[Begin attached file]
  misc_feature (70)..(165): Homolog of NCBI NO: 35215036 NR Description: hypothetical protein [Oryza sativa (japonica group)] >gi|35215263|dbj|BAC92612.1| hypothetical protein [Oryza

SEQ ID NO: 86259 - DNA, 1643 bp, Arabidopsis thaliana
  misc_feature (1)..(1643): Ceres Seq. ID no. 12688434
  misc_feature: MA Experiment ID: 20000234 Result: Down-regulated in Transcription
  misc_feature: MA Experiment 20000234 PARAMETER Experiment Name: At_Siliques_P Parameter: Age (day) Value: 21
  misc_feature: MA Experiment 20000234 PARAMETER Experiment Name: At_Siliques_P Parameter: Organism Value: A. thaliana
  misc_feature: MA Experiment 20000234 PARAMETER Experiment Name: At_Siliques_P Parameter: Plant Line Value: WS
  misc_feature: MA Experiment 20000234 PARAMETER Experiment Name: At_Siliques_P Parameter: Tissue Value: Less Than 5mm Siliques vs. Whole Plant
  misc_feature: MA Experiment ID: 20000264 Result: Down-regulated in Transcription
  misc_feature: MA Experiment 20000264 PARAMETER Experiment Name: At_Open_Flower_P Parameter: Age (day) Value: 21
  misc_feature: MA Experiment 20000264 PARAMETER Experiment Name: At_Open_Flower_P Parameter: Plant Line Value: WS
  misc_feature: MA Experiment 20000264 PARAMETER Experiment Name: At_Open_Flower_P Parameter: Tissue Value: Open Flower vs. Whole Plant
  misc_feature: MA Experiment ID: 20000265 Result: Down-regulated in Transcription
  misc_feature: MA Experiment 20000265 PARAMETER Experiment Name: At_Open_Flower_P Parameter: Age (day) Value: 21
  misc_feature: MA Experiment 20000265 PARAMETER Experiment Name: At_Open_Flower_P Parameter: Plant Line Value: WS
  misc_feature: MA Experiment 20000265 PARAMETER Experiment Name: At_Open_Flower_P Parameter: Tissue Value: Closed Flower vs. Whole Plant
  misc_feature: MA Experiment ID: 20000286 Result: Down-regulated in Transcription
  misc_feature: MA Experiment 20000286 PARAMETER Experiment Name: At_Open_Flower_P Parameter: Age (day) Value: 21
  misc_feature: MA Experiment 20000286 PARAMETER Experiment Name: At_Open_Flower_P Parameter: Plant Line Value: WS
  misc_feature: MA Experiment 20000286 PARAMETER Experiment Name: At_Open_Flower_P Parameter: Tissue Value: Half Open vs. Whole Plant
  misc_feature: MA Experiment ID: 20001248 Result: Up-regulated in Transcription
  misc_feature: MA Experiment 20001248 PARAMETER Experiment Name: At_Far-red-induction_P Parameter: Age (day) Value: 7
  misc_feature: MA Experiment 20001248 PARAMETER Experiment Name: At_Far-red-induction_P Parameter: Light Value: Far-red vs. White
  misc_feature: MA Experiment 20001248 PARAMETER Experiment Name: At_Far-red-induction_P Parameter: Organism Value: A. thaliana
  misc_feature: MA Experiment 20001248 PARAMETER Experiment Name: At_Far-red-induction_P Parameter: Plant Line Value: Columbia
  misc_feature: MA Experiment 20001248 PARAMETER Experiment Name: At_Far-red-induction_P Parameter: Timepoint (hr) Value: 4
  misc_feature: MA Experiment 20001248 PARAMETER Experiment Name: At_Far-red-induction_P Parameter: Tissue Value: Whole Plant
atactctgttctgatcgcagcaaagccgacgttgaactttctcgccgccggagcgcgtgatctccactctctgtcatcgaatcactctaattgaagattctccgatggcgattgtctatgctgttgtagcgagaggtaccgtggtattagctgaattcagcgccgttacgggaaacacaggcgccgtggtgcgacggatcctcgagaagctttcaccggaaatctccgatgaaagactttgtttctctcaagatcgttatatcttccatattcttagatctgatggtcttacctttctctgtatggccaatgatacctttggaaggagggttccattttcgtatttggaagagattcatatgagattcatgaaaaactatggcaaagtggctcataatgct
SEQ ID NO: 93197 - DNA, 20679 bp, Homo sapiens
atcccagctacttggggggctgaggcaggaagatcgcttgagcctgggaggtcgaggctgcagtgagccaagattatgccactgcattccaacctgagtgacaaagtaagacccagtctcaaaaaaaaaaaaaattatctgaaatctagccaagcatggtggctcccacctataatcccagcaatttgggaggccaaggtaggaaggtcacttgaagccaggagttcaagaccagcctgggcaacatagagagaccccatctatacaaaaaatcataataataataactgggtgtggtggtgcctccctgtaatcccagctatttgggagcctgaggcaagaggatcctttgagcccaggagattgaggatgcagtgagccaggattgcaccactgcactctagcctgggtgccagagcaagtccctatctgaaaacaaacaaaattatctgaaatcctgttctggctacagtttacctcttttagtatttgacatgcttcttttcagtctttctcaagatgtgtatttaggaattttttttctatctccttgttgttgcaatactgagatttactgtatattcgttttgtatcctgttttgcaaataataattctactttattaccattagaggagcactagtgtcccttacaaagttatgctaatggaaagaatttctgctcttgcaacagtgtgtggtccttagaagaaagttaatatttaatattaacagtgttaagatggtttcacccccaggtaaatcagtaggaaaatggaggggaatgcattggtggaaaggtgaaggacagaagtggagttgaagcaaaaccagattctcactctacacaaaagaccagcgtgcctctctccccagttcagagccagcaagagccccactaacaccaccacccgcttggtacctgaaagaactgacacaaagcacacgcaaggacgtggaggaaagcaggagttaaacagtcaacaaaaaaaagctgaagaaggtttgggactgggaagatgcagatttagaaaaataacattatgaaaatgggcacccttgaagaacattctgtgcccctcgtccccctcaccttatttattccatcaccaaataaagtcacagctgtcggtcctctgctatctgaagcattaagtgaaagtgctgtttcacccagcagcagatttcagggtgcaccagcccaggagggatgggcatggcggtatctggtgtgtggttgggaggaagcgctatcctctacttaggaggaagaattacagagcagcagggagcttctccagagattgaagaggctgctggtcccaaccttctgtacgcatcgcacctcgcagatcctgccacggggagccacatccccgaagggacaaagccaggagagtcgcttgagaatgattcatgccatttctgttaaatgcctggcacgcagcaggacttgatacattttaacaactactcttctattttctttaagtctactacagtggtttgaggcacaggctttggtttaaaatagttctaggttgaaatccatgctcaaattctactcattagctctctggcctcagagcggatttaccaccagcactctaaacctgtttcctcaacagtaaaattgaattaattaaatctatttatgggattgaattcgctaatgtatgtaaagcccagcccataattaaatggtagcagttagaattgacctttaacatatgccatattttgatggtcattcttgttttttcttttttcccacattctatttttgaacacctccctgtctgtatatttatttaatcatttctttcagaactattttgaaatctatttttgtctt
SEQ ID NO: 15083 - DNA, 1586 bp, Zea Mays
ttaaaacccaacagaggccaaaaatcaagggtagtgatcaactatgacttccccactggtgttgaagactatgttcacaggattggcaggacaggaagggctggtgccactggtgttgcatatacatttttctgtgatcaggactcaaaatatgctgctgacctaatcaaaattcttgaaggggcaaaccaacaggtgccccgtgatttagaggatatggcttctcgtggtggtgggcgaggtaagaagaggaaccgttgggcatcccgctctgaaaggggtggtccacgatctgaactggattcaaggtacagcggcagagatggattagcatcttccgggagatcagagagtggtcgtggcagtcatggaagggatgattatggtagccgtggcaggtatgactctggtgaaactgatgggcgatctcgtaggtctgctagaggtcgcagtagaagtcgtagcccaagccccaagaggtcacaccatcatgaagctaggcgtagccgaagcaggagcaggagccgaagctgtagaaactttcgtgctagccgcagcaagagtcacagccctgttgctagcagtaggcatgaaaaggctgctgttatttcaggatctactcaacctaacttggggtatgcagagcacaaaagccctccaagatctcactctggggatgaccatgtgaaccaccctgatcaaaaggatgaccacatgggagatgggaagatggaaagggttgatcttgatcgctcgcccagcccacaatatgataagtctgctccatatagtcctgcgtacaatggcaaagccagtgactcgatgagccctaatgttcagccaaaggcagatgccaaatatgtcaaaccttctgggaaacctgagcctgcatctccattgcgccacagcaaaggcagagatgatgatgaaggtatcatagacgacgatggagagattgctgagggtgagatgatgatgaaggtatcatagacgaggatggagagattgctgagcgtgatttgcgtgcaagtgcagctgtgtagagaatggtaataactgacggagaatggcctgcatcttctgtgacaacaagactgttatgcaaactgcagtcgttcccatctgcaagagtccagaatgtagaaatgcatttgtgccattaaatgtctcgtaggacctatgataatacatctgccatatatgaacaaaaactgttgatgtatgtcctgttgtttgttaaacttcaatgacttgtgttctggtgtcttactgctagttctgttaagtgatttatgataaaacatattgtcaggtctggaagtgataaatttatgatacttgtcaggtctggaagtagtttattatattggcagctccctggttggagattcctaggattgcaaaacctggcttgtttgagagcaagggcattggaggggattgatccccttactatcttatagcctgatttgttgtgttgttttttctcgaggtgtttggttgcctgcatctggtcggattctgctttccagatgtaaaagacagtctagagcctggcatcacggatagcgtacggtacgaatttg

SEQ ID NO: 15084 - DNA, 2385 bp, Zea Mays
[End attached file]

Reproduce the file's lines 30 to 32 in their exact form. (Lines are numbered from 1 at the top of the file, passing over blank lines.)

atcccagctacttggggggctgaggcaggaagatcgcttgagcctgggaggtcgaggctgcagtgagccaagattatgccactgcattccaacctgagtgacaaagtaagacccagtctcaaaaaaaaaaaaaattatctgaaatctagccaagcatggtggctcccacctataatcccagcaatttgggaggccaaggtaggaaggtcacttgaagccaggagttcaagaccagcctgggcaacatagagagaccccatctatacaaaaaatcataataataataactgggtgtggtggtgcctccctgtaatcccagctatttgggagcctgaggcaagaggatcctttgagcccaggagattgaggatgcagtgagccaggattgcaccactgcactctagcctgggtgccagagcaagtccctatctgaaaacaaacaaaattatctgaaatcctgttctggctacagtttacctcttttagtatttgacatgcttcttttcagtctttctcaagatgtgtatttaggaattttttttctatctccttgttgttgcaatactgagatttactgtatattcgttttgtatcctgttttgcaaataataattctactttattaccattagaggagcactagtgtcccttacaaagttatgctaatggaaagaatttctgctcttgcaacagtgtgtggtccttagaagaaagttaatatttaatattaacagtgttaagatggtttcacccccaggtaaatcagtaggaaaatggaggggaatgcattggtggaaaggtgaaggacagaagtggagttgaagcaaaaccagattctcactctacacaaaagaccagcgtgcctctctccccagttcagagccagcaagagccccactaacaccaccacccgcttggtacctgaaagaactgacacaaagcacacgcaaggacgtggaggaaagcaggagttaaacagtcaacaaaaaaaagctgaagaaggtttgggactgggaagatgcagatttagaaaaataacattatgaaaatgggcacccttgaagaacattctgtgcccctcgtccccctcaccttatttattccatcaccaaataaagtcacagctgtcggtcctctgctatctgaagcattaagtgaaagtgctgtttcacccagcagcagatttcagggtgcaccagcccaggagggatgggcatggcggtatctggtgtgtggttgggaggaagcgctatcctctacttaggaggaagaattacagagcagcagggagcttctccagagattgaagaggctgctggtcccaaccttctgtacgcatcgcacctcgcagatcctgccacggggagccacatccccgaagggacaaagccaggagagtcgcttgagaatgattcatgccatttctgttaaatgcctggcacgcagcaggacttgatacattttaacaactactcttctattttctttaagtctactacagtggtttgaggcacaggctttggtttaaaatagttctaggttgaaatccatgctcaaattctactcattagctctctggcctcagagcggatttaccaccagcactctaaacctgtttcctcaacagtaaaattgaattaattaaatctatttatgggattgaattcgctaatgtatgtaaagcccagcccataattaaatggtagcagttagaattgacctttaacatatgccatattttgatggtcattcttgttttttcttttttcccacattctatttttgaacacctccctgtctgtatatttatttaatcatttctttcagaactattttgaaatctatttttgtctt
SEQ ID NO: 15083 - DNA, 1586 bp, Zea Mays
ttaaaacccaacagaggccaaaaatcaagggtagtgatcaactatgacttccccactggtgttgaagactatgttcacaggattggcaggacaggaagggctggtgccactggtgttgcatatacatttttctgtgatcaggactcaaaatatgctgctgacctaatcaaaattcttgaaggggcaaaccaacaggtgccccgtgatttagaggatatggcttctcgtggtggtgggcgaggtaagaagaggaaccgttgggcatcccgctctgaaaggggtggtccacgatctgaactggattcaaggtacagcggcagagatggattagcatcttccgggagatcagagagtggtcgtggcagtcatggaagggatgattatggtagccgtggcaggtatgactctggtgaaactgatgggcgatctcgtaggtctgctagaggtcgcagtagaagtcgtagcccaagccccaagaggtcacaccatcatgaagctaggcgtagccgaagcaggagcaggagccgaagctgtagaaactttcgtgctagccgcagcaagagtcacagccctgttgctagcagtaggcatgaaaaggctgctgttatttcaggatctactcaacctaacttggggtatgcagagcacaaaagccctccaagatctcactctggggatgaccatgtgaaccaccctgatcaaaaggatgaccacatgggagatgggaagatggaaagggttgatcttgatcgctcgcccagcccacaatatgataagtctgctccatatagtcctgcgtacaatggcaaagccagtgactcgatgagccctaatgttcagccaaaggcagatgccaaatatgtcaaaccttctgggaaacctgagcctgcatctccattgcgccacagcaaaggcagagatgatgatgaaggtatcatagacgacgatggagagattgctgagggtgagatgatgatgaaggtatcatagacgaggatggagagattgctgagcgtgatttgcgtgcaagtgcagctgtgtagagaatggtaataactgacggagaatggcctgcatcttctgtgacaacaagactgttatgcaaactgcagtcgttcccatctgcaagagtccagaatgtagaaatgcatttgtgccattaaatgtctcgtaggacctatgataatacatctgccatatatgaacaaaaactgttgatgtatgtcctgttgtttgttaaacttcaatgacttgtgttctggtgtcttactgctagttctgttaagtgatttatgataaaacatattgtcaggtctggaagtgataaatttatgatacttgtcaggtctggaagtagtttattatattggcagctccctggttggagattcctaggattgcaaaacctggcttgtttgagagcaagggcattggaggggattgatccccttactatcttatagcctgatttgttgtgttgttttttctcgaggtgtttggttgcctgcatctggtcggattctgctttccagatgtaaaagacagtctagagcctggcatcacggatagcgtacggtacgaatttg